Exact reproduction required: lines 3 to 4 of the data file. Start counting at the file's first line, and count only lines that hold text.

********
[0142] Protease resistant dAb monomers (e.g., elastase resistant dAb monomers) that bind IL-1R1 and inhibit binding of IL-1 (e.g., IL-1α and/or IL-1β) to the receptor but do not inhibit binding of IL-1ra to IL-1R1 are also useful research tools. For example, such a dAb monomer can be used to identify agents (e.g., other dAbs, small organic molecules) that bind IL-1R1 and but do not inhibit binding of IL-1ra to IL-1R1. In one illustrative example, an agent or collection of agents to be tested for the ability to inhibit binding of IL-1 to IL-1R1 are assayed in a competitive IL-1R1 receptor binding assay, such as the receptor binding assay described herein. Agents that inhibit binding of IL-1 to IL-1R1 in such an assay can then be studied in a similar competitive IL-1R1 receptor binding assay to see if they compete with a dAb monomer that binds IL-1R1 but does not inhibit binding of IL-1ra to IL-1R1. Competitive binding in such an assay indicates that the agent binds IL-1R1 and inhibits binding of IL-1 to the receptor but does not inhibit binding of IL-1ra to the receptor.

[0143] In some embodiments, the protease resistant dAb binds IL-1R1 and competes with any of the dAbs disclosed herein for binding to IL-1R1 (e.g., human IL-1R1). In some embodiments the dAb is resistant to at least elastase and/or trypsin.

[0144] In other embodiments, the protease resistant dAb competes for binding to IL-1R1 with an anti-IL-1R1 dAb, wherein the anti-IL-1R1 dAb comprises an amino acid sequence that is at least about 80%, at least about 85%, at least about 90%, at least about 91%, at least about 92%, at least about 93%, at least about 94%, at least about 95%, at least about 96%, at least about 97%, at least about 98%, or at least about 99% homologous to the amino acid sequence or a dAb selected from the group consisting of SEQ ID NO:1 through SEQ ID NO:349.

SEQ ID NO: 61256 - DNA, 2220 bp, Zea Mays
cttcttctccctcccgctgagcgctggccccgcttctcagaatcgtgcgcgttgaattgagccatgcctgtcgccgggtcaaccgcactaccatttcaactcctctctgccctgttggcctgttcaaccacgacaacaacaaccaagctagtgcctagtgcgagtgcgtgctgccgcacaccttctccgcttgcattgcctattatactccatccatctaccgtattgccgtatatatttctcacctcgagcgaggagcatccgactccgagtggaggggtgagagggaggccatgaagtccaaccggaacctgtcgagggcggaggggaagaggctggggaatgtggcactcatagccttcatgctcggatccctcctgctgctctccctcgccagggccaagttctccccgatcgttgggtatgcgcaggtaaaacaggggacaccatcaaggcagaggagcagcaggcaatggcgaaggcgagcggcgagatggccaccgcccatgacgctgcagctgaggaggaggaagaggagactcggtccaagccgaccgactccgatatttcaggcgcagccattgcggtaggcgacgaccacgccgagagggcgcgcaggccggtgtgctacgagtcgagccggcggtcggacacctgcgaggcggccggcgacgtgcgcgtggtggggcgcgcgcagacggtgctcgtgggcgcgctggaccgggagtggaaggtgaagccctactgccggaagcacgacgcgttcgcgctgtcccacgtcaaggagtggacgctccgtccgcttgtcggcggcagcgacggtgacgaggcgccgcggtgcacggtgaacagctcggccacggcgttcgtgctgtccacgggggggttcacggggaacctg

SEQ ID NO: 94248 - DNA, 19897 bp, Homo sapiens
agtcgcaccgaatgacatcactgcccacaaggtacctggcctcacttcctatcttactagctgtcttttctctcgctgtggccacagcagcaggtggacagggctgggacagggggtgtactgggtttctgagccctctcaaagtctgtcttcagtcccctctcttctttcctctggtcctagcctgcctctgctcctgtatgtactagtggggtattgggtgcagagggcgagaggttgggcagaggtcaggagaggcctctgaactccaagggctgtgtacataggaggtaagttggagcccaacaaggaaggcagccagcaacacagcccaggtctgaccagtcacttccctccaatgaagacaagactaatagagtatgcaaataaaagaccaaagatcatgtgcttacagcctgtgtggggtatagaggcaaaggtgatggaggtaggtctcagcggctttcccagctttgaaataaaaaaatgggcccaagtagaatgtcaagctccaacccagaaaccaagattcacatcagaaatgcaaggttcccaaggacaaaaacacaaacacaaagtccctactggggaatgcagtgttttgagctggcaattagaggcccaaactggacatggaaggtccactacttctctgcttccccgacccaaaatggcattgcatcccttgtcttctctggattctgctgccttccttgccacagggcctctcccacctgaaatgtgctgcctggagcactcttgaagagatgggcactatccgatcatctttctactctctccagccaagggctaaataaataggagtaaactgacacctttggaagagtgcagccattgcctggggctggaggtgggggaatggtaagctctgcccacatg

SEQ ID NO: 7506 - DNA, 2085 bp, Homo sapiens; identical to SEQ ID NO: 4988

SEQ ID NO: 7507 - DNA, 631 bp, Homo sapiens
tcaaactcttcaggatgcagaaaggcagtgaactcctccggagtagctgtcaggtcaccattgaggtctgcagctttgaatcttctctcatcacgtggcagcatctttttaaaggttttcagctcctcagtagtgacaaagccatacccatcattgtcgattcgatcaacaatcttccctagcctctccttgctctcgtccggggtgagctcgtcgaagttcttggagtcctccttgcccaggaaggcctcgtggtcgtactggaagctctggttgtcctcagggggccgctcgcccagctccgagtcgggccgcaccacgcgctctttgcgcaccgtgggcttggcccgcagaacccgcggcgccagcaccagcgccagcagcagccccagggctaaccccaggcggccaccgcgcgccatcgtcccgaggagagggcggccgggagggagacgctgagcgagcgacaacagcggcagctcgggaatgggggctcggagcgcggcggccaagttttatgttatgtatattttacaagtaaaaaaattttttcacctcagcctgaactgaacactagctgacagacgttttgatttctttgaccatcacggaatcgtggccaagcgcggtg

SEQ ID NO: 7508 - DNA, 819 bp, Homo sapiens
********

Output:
[0144] In other embodiments, the protease resistant dAb competes for binding to IL-1R1 with an anti-IL-1R1 dAb, wherein the anti-IL-1R1 dAb comprises an amino acid sequence that is at least about 80%, at least about 85%, at least about 90%, at least about 91%, at least about 92%, at least about 93%, at least about 94%, at least about 95%, at least about 96%, at least about 97%, at least about 98%, or at least about 99% homologous to the amino acid sequence or a dAb selected from the group consisting of SEQ ID NO:1 through SEQ ID NO:349.

SEQ ID NO: 61256 - DNA, 2220 bp, Zea Mays